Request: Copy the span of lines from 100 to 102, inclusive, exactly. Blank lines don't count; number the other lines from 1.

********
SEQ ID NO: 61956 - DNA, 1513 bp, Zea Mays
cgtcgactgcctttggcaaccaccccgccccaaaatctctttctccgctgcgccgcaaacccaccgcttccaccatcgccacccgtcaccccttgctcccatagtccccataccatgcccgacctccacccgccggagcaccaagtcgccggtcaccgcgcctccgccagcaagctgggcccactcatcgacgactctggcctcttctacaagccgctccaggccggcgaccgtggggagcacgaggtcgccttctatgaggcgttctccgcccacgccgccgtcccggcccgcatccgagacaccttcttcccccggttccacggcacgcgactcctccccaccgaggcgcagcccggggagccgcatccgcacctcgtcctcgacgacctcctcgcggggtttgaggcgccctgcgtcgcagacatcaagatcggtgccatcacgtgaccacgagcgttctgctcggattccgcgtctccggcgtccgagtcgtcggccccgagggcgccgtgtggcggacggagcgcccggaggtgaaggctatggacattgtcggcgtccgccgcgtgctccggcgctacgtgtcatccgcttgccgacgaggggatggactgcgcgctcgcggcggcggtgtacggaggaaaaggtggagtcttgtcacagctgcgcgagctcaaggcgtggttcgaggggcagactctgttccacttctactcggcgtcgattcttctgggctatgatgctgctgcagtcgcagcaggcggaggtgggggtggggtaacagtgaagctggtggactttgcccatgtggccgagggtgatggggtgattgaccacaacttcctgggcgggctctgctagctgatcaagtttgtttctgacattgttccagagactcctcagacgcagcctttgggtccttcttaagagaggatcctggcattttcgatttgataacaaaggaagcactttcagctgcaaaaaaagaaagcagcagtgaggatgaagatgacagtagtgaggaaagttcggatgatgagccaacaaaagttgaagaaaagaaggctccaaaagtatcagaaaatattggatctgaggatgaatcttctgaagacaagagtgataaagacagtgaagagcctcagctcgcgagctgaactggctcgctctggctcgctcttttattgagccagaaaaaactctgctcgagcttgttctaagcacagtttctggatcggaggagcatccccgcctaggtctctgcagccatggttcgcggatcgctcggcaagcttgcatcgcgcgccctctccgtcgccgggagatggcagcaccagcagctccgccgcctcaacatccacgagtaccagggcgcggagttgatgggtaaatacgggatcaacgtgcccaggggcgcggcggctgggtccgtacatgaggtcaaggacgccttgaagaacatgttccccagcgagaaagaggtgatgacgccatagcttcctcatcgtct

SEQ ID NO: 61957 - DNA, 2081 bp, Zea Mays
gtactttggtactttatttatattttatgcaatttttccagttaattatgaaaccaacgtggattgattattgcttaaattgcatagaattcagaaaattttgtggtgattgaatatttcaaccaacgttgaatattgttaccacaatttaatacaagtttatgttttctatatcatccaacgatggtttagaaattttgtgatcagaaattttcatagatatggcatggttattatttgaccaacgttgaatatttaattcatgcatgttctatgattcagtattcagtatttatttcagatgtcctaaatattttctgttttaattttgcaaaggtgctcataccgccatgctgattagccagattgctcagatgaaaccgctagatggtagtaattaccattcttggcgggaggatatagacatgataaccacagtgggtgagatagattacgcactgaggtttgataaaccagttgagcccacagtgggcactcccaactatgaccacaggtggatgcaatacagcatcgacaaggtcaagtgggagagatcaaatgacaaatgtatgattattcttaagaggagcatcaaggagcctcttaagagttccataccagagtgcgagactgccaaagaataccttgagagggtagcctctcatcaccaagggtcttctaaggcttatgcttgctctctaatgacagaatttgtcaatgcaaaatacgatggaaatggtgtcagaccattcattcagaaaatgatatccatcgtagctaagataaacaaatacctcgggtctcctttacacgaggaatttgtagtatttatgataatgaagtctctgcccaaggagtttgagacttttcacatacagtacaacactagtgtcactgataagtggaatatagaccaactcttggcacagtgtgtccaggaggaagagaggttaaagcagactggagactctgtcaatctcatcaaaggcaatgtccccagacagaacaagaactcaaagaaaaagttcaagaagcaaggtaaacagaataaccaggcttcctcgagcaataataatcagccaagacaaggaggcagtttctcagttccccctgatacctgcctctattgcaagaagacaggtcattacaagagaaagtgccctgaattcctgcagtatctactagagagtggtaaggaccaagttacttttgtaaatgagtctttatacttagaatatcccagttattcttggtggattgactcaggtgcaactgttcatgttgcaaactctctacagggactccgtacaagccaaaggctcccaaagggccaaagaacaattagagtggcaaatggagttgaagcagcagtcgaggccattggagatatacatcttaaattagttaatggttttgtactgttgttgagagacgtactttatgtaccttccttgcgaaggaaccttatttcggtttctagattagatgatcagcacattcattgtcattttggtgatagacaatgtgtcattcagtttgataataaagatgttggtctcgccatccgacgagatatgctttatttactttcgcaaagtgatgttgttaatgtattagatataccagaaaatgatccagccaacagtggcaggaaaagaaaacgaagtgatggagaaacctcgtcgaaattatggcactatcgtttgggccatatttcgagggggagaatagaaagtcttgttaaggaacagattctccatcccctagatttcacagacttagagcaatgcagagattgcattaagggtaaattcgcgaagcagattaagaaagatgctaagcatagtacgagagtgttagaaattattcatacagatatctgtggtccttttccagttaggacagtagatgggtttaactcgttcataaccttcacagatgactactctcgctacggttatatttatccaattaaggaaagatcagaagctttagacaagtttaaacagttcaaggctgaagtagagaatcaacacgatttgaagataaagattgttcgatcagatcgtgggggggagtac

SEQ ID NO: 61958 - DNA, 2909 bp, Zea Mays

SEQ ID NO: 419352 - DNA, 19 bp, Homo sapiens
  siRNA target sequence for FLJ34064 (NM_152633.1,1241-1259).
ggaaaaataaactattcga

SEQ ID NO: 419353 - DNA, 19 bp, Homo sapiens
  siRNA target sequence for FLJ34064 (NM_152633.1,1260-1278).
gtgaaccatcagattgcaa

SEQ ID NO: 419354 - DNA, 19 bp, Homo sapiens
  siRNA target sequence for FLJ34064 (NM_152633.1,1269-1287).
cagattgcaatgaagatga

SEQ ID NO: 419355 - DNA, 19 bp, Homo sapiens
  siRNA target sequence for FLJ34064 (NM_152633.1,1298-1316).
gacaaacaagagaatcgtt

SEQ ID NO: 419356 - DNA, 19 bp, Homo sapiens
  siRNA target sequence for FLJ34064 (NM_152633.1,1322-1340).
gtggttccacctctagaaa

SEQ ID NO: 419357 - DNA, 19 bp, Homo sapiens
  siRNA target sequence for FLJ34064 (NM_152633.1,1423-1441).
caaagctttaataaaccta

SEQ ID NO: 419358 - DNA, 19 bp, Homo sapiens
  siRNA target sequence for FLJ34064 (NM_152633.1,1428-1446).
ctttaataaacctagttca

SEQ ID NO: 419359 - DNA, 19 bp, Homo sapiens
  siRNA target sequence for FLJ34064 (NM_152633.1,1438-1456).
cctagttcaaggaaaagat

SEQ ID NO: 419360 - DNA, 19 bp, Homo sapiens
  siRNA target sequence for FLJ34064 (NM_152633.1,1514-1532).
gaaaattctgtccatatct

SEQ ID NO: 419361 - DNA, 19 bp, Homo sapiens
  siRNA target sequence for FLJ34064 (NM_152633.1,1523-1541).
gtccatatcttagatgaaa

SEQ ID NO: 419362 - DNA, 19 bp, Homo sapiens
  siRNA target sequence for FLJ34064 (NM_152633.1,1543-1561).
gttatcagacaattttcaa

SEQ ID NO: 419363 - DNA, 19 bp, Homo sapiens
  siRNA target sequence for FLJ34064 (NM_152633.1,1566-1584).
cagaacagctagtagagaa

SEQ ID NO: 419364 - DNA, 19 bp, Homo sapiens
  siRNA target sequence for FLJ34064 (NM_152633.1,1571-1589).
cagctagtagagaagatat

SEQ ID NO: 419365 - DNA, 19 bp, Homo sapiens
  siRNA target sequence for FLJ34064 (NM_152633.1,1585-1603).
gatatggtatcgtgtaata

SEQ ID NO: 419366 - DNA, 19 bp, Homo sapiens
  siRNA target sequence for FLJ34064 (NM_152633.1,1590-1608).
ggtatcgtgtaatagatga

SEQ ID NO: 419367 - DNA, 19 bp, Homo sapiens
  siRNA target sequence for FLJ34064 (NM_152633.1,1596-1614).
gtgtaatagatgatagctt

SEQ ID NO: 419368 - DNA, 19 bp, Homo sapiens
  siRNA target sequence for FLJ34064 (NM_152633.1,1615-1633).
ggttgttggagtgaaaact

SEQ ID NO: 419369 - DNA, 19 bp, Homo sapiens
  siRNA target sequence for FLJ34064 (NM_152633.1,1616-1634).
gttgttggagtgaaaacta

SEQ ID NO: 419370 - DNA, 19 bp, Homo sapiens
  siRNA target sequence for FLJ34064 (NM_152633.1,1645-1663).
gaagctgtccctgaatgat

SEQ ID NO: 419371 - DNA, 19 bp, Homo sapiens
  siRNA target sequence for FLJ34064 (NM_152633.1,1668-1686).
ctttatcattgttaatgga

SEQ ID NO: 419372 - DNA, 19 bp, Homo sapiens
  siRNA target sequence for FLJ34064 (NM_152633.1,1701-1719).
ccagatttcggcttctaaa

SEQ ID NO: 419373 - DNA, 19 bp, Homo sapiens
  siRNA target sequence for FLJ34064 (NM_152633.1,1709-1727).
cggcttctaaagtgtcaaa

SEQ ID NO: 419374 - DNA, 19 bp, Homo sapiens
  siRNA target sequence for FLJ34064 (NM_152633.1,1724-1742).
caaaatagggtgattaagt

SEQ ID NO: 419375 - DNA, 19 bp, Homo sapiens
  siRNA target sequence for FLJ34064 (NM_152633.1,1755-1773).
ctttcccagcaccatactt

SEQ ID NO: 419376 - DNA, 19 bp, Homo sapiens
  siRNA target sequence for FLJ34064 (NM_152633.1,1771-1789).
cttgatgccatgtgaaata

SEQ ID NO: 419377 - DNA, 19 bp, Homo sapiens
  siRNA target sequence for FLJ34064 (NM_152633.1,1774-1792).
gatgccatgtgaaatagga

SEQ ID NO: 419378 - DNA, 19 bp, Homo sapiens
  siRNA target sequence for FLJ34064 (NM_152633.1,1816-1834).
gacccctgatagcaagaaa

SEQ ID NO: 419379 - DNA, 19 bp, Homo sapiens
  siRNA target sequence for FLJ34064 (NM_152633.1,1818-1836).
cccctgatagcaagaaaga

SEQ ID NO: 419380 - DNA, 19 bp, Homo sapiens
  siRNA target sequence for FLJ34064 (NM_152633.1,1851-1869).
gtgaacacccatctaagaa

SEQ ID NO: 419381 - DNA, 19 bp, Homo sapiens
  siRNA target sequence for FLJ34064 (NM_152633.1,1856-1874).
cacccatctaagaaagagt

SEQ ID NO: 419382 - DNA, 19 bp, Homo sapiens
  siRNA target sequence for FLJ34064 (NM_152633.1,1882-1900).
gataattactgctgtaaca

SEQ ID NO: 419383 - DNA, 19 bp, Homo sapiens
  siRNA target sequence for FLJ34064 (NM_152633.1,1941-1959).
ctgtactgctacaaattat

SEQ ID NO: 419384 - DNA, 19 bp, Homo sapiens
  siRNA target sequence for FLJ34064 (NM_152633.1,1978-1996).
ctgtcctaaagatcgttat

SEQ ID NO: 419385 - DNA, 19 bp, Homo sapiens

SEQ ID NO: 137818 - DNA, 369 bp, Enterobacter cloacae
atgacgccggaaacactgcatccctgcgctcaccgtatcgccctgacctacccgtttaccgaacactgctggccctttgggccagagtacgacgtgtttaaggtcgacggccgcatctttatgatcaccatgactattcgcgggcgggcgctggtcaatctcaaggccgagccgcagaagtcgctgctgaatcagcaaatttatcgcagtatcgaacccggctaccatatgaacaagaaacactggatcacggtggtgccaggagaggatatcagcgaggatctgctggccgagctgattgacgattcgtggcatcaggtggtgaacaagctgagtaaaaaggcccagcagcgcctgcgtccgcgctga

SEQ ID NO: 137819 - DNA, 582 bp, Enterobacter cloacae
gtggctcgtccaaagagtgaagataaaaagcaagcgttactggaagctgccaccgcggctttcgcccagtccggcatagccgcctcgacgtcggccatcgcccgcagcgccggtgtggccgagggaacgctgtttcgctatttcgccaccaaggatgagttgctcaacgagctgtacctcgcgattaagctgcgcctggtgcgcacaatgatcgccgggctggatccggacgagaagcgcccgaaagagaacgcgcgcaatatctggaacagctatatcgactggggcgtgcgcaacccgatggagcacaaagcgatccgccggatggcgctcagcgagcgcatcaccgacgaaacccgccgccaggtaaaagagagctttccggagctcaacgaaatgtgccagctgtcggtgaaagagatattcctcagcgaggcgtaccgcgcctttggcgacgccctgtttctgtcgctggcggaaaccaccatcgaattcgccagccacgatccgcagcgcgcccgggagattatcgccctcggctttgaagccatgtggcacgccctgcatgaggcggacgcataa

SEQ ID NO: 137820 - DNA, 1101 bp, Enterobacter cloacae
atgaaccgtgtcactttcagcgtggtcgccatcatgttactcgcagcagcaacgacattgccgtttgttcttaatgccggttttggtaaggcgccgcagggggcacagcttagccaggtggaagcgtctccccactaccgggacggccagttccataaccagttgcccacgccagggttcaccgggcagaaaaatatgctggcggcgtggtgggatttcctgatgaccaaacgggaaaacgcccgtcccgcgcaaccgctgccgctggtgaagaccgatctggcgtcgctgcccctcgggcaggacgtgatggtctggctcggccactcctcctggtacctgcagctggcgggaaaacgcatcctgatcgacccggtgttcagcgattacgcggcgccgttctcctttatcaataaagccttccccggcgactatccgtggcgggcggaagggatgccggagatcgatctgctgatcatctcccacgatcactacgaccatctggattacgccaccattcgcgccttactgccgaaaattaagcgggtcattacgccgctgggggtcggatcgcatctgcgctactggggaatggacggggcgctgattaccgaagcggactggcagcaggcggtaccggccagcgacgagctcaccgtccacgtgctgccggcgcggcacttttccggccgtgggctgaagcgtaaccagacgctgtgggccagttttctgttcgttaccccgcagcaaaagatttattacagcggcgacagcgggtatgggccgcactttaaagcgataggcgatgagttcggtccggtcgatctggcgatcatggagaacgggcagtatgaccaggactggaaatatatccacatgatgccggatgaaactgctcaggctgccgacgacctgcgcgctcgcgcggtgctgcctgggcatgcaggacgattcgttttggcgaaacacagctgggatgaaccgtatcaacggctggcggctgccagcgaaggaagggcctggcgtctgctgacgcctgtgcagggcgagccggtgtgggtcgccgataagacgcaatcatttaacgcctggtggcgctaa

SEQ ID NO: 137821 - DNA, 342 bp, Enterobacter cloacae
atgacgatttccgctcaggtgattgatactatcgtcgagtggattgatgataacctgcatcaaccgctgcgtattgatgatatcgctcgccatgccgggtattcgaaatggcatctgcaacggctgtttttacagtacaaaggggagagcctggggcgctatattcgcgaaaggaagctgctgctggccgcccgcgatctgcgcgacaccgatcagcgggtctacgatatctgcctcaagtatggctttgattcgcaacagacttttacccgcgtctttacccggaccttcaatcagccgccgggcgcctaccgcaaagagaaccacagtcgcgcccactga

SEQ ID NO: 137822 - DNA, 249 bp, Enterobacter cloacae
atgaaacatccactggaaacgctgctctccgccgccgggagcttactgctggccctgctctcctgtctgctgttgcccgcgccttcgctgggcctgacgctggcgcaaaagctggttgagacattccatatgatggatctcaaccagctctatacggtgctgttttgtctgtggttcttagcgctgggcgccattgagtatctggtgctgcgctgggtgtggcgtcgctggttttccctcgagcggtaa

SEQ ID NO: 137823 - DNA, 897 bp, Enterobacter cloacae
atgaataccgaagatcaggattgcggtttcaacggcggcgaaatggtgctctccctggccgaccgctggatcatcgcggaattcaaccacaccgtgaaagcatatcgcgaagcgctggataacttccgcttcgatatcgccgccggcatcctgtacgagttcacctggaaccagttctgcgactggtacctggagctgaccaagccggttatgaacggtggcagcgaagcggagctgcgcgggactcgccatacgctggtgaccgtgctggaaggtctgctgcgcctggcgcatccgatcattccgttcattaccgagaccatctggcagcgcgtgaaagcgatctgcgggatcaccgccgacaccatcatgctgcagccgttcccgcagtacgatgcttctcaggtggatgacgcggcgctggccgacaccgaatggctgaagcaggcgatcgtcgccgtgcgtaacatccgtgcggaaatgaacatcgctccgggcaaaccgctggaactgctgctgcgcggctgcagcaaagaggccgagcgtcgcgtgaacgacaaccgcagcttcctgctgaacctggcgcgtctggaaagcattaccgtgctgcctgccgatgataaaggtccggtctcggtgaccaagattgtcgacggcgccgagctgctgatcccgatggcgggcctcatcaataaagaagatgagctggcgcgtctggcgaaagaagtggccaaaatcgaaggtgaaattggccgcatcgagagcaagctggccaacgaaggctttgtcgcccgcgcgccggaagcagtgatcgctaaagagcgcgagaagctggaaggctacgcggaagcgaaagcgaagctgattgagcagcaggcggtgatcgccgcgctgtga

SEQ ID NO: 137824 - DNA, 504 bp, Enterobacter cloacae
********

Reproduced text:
  siRNA target sequence for FLJ34064 (NM_152633.1,1941-1959).
ctgtactgctacaaattat

SEQ ID NO: 419384 - DNA, 19 bp, Homo sapiens